Crosspost: Oakland Green Jobs Corps To Be A Model For Cities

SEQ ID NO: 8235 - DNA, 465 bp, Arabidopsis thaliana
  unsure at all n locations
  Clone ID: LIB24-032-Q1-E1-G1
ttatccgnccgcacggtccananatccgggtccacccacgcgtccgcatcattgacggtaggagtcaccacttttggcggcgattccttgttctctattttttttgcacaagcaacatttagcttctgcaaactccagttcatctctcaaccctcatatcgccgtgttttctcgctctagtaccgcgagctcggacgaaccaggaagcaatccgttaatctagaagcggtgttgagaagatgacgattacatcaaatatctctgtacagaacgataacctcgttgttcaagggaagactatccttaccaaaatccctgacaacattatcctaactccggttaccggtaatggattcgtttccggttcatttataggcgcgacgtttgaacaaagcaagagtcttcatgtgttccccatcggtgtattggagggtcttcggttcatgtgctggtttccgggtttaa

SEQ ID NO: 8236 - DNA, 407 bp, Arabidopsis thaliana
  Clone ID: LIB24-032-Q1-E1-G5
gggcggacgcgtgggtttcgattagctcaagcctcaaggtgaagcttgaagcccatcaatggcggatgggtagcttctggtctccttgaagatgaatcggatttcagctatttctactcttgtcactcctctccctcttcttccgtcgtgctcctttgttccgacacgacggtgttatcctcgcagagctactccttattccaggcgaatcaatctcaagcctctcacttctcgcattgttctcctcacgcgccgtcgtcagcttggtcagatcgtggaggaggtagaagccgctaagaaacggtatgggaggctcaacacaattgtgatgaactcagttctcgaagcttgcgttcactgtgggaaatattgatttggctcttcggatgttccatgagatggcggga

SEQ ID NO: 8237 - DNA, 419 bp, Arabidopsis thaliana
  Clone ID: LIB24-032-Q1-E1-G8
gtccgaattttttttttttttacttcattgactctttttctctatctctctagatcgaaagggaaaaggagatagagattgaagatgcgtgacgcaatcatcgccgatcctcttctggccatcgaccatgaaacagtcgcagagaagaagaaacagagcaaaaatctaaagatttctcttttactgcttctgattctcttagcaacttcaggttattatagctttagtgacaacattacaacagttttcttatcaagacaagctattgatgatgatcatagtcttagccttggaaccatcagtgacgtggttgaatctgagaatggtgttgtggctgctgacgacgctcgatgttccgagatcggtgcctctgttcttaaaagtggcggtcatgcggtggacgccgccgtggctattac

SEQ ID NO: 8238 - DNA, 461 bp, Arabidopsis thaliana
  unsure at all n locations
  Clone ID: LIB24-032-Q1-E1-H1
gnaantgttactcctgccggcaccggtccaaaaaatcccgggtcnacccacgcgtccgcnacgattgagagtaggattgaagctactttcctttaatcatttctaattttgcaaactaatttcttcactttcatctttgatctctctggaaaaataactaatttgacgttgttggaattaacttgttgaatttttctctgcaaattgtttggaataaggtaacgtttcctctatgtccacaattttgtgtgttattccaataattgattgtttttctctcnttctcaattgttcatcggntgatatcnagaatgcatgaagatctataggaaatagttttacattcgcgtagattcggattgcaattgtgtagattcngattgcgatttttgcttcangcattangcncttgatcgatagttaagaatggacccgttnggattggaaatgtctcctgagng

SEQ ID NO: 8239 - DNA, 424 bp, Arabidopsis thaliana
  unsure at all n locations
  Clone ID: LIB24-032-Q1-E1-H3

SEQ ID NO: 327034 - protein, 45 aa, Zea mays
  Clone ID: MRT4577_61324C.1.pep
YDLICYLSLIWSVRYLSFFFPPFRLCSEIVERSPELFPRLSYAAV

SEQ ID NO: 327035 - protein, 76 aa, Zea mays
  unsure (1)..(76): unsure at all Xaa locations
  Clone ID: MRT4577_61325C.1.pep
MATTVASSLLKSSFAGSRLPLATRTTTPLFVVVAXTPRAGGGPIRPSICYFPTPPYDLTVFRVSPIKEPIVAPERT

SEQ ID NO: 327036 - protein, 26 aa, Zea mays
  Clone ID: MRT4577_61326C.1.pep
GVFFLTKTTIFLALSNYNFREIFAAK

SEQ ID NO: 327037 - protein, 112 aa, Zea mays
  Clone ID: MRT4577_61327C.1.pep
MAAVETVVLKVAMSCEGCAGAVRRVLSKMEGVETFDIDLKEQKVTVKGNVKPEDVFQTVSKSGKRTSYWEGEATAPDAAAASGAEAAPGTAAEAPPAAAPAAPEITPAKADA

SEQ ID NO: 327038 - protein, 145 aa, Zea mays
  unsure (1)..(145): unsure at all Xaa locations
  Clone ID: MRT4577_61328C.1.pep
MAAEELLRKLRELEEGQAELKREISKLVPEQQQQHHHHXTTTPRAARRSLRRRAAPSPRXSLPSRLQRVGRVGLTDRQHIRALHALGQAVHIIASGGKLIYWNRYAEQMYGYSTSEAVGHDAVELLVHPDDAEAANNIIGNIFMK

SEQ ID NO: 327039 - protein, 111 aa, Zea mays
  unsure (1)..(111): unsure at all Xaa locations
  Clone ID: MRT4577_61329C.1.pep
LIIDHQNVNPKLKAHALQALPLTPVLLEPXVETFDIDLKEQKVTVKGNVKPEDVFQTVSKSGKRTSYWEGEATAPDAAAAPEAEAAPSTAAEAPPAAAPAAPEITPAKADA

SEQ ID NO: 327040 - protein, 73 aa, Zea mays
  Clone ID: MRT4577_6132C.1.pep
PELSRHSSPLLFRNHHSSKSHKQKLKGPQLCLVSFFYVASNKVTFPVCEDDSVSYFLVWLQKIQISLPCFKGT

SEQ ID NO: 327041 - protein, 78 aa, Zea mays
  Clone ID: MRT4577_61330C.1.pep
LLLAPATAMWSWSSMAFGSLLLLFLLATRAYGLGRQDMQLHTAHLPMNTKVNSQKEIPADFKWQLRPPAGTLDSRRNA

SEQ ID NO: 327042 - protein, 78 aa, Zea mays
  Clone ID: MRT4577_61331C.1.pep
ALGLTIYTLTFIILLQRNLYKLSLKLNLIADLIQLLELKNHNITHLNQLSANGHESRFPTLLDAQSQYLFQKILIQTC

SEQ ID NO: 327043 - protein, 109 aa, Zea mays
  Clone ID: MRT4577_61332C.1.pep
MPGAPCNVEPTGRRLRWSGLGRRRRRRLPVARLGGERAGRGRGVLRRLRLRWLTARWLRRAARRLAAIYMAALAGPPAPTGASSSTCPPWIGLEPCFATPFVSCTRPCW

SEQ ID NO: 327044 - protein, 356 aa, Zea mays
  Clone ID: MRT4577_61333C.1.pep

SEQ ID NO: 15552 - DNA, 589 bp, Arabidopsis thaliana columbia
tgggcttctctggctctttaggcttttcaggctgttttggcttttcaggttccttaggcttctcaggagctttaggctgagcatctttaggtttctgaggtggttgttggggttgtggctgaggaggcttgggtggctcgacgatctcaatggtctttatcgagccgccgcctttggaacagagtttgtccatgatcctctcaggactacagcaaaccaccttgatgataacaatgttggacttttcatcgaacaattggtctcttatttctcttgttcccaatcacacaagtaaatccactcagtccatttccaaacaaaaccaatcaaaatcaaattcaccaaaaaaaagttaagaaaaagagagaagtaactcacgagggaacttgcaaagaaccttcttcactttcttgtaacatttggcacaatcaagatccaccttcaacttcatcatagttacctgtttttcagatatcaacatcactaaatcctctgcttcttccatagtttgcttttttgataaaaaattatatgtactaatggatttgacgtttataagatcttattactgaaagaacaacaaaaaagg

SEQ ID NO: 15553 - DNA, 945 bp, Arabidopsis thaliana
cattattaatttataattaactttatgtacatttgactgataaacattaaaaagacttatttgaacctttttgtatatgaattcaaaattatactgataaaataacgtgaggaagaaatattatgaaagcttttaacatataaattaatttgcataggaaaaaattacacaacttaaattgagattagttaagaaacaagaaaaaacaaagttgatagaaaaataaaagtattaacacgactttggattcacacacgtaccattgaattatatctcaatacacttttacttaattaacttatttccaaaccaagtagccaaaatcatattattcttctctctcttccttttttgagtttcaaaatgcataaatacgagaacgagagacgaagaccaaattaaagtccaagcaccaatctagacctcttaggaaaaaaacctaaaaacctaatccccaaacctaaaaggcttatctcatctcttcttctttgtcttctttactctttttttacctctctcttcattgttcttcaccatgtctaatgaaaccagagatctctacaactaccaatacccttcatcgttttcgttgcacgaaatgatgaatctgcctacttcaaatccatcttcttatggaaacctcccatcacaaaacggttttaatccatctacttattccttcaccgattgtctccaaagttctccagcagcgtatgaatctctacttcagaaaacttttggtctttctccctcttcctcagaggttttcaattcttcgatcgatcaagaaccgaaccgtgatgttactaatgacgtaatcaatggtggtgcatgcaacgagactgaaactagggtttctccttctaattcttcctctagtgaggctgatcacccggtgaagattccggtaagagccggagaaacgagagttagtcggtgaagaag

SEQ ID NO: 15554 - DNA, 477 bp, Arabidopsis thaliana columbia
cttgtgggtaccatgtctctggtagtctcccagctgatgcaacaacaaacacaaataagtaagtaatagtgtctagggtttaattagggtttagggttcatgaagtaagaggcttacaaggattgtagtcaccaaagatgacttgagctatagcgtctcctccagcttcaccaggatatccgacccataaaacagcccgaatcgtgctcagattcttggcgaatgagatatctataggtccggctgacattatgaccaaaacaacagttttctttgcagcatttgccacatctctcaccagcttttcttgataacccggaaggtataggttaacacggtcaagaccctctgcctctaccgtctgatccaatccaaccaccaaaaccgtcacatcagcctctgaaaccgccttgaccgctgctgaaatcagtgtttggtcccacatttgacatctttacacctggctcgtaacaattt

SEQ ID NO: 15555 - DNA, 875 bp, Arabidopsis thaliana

Authors: ada Crossposted from The Apollo Alliance Blog. by Lillian Wilson After studying to become a nurse, Olivia Caldwell (see pic with Mayor Dellums) discovered that hospitals and health care organizations have restrictions on hiring formerly incarcerated people. Construction companies have no such restrictions, so she decided to join Cypress Mandela where she learned about the Oakland Green Jobs Corps. Olivia, mother to one-year-old Summer, is now a trainee in the Oakland Green Jobs Corps program. Olivia is excited about this new opportunity because she wants to provide for her daughter and looks forward to helping create a healthy world for her daughter. “With this training I can provide for the future of my one-year-old daughter and the future of our planet.” Providing “green pathways out of poverty,” the Oakland Green Job Corps will serve young adults who face barriers to employment - poverty, lack of work experience, limited education, cultural and language barriers, or history with the criminal justice system. The teachers at Cypress Mandela provide wraparound services and work with the students to help them achieve basic literacy and math skills, pass their GED, learn personal finance, get their drivers license or clear their driving record, and pass their weekly drug tests. The students receive hands-on training in the construction trades, as well as specific training for green-collar jobs, such as solar panel installation, energy efficiency and green construction. The program will also include a section on eco-education and environmental literacy. “This is a very elegant idea, elegant in its simplicity,” said Mayor Ronald Dellums of Oakland “The idea is to fight pollution and fight poverty simultaneously.” The Oakland Green Jobs Corps proudly launched in October 2008, after more than two years of hard work by the Oakland Apollo Alliance and a rich network of supporters and partners. The program officially launched at a press conference on October 25 that featured elected officials, employers, labor union leaders, community members, and for the first time, students of the training program. Elected officials from all levels of government celebrated the kick-off, including Mayor Dellums, U.S. Congresswoman Barbara Lee, Oakland City Councilmembers Nancy Nadel and Jane Brunner, state legislators Loni Hancock and Sandre Swanson, Alameda County Supervisor Keith Carson, and Peralta Community College Chancellor and former Oakland Mayor Elihu Harris. The Oakland Green Jobs Corps is a partnership between Laney Community College, Cypress Mandela Construction Training Program, and a workforce intermediary called Growth Sector. This partnership is designed to insure that students graduate with the training, education, and support they need to qualify for employment with green-collar businesses. The first cohort of 40 students will be placed in jobs by Spring 2009. In order to guarantee that the graduates of the Oakland Green Jobs Corps are placed in jobs paying a living wage, the Ella Baker Center organized the Green Employer Council comprised of green businesses and non-profits in the East Bay that do solar installation, green construction, and energy efficiency work. Members of the Green Employer Council agree to provide paid work experience and jobs for graduates. Roughly half of the graduates will take jobs with union contractors. “It is critical for green workforce development to be demand driven”, said Ian Kim of the Ella Baker Center. “We don’t want to train people up for jobs that don’t exist, and we want the training to be tailored for employer’s real-time needs.” The program’s model for green workforce development is based upon the research of Professor Raquel Pinderhughes of San Francisco State University and the work of the Ella Baker Center for Human Rights and the Oakland Apollo Alliance. The City of Oakland provided $250,000 in seed funding for the Oakland Green Job Corps, a signature victory of the Oakland Apollo Alliance. The city awarded these funds through a competitive process to identify the partnership most qualified to launch a new green job training program. This groundbreaking job training program turns rhetoric into a reality, and will provide a useful model for other cities. – Lillian Wilson, Campaign Associate, Ella Baker Center

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